Australian Prime Minister Scott Morrison has given a national apology to victims of child sexual abuse.
Hundreds of people gathered in Canberra on Monday to hear Mr Morrison deliver the emotional address in parliament.
It follows a five-year inquiry which found tens of thousands of children had suffered abuse in the nation’s institutions over decades.
“Today, we finally acknowledge and confront the lost screams of our children,” he said.
“We must be so humble to fall before those who were forsaken and beg to them our apology.”
The inquiry, which concluded last December, heard more than 8,000 testimonies from victims about abuse in organisations such as churches, schools and sports clubs.
With his voice trembling at times, Mr Morrison acknowledged the suffering of victims and condemned institutional failures.
“Why were the cries of children and parents ignored? Why was our system of justice blind to injustice? Why has it taken so long to act?” he said.
Survivors shed tears and held hands as the apology was given, but some later expressed frustration at the government’s wider response to the inquiry.
“As one survivor recently said to me: ‘It wasn’t a foreign enemy who did this to us. This was done by Australians to Australians, enemies in our midst, enemies in our midst.’
The enemies of innocence.
It happened day after day, week after week, month after month, decade after decade, unrelenting torment.
When a child spoke up, they weren’t believed and the crimes continued with impunity.
One survivor told me that when he told a teacher of his abuse, that teacher then became his next abuser: trust broken, innocence betrayed, power and position exploited for evil, dark crimes.”
Leader of the Opposition Bill Shorten told parliament: “There are wrongs that cannot be made right. But know that today, Australia says sorry.”
The parliament later stood for a minute of silence.
Victims and their supporters travelled from around the nation to hear the apology in Canberra.
“They are coming with very heavy hearts,” said Leonie Sheedy, the chief executive of Care Leavers Australasia Network.
“It is a wonderful thing our country’s apologising, but there is so much more work to be done.”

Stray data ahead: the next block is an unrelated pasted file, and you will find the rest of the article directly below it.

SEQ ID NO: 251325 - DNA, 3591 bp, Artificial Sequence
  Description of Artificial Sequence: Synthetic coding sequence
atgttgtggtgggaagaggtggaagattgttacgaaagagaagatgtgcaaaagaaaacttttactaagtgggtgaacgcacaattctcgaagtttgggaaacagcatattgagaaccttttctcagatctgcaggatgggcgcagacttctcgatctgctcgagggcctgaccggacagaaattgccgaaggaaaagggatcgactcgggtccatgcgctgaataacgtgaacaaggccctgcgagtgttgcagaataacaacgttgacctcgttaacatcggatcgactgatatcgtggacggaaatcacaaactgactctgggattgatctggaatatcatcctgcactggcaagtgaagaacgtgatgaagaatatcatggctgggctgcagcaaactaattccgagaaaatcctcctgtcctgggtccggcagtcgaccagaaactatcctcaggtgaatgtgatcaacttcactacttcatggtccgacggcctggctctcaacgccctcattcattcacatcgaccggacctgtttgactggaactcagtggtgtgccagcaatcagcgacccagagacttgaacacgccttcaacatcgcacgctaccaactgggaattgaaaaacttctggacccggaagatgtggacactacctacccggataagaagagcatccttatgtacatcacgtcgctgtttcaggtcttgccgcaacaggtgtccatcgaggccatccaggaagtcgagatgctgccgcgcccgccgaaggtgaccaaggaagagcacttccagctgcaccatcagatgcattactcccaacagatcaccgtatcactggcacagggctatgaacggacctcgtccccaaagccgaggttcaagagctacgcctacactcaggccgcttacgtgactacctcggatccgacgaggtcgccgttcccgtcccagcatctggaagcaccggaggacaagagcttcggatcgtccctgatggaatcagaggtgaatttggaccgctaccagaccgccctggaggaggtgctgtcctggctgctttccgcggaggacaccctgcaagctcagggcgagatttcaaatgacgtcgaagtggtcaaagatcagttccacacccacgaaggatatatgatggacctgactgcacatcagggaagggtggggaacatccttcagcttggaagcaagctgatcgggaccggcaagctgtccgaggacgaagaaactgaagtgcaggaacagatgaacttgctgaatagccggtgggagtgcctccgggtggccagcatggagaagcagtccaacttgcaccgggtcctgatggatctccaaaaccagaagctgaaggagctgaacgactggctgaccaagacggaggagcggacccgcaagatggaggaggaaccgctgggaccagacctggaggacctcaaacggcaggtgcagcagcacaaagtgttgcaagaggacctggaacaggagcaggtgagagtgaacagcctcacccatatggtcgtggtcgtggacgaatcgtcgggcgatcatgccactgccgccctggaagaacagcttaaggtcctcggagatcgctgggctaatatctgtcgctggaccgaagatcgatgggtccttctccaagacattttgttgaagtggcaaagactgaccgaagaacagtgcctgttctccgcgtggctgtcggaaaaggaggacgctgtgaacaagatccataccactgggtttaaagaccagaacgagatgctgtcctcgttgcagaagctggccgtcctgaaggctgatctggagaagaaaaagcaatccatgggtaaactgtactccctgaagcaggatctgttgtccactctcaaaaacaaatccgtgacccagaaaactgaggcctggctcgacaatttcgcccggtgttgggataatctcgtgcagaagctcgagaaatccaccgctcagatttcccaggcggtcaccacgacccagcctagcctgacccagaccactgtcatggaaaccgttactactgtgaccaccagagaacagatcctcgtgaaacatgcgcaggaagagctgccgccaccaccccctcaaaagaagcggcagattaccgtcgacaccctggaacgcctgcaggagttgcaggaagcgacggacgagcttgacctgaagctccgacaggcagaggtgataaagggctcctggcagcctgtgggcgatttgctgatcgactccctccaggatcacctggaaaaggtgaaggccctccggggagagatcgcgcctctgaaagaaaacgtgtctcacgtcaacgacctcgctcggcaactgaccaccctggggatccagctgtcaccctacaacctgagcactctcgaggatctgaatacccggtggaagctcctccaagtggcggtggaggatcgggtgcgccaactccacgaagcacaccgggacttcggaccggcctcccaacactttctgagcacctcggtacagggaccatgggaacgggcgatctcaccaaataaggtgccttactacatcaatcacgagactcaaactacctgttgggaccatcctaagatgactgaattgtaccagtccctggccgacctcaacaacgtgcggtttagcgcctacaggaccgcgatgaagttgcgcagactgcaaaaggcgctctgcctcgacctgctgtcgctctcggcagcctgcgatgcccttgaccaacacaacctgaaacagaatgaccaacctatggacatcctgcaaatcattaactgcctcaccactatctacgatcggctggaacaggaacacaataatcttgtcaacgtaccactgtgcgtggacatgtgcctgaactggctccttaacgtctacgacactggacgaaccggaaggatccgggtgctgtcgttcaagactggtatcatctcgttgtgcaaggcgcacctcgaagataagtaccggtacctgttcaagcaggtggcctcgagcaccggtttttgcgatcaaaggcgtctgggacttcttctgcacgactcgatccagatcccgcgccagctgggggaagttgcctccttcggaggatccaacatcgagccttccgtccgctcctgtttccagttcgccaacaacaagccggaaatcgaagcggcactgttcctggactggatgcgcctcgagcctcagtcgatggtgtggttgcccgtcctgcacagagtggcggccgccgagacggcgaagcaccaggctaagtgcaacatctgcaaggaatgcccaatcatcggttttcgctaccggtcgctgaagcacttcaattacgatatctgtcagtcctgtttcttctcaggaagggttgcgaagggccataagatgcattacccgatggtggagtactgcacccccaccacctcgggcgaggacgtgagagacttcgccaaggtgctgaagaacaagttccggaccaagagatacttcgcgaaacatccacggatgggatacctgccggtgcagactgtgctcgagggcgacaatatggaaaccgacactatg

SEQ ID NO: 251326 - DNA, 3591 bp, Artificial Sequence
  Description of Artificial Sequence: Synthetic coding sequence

One survivor told the BBC: “For me it gave me a lot of comfort to hear [the apology]. At least we lived long enough to hear it.”
Many survivors have criticised the government’s response to the inquiry – especially its terms for a national compensation scheme.
Victims are eligible for payments of up to A$150,000 (£80,000; $106,000) each. Some say the compensation is not enough, and onerous to obtain.
Mr Morrison said the government had accepted most recommendations from the inquiry, but it was still considering the remaining proposals.
Those not yet adopted include recommendations where federal and state responsibilities overlap. The most contentious is a proposal to make reporting abuse mandatory.
In August, the Catholic Church formally rejected that call – meaning it will not force priests to break confession rules.
On Monday, Mr Morrison committed to establishing a museum of remembrance to memorialise victims’ stories.
In their final report, the commissioners said: “It is not a case of a few ‘rotten apples’. Society’s major institutions have seriously failed.”
They said over 15,000 people had contacted the inquiry, raising allegations against more than 4,000 institutions.
Religious ministers and school teachers were the most commonly reported perpetrators. The greatest number were in Catholic institutions.
All states and territories, and many institutions, have since signed up to the federal government-led compensation scheme.
Many not alive to hear apology
Hywel Griffith, BBC News in Canberra
Deep in symbolism, decades overdue – the word “sorry” can mean so much and yet change so little.
For many, the apology brings recognition of their pain, suffering and anger. But inevitably, for thousands of others who have died – many through suicide – it has all come far too late.
Many of those gathered in Canberra tell me the real test of the government’s sincerity will be in how it responds to the remaining recommendations.
While the apology carries real weight, many survivors want greater action.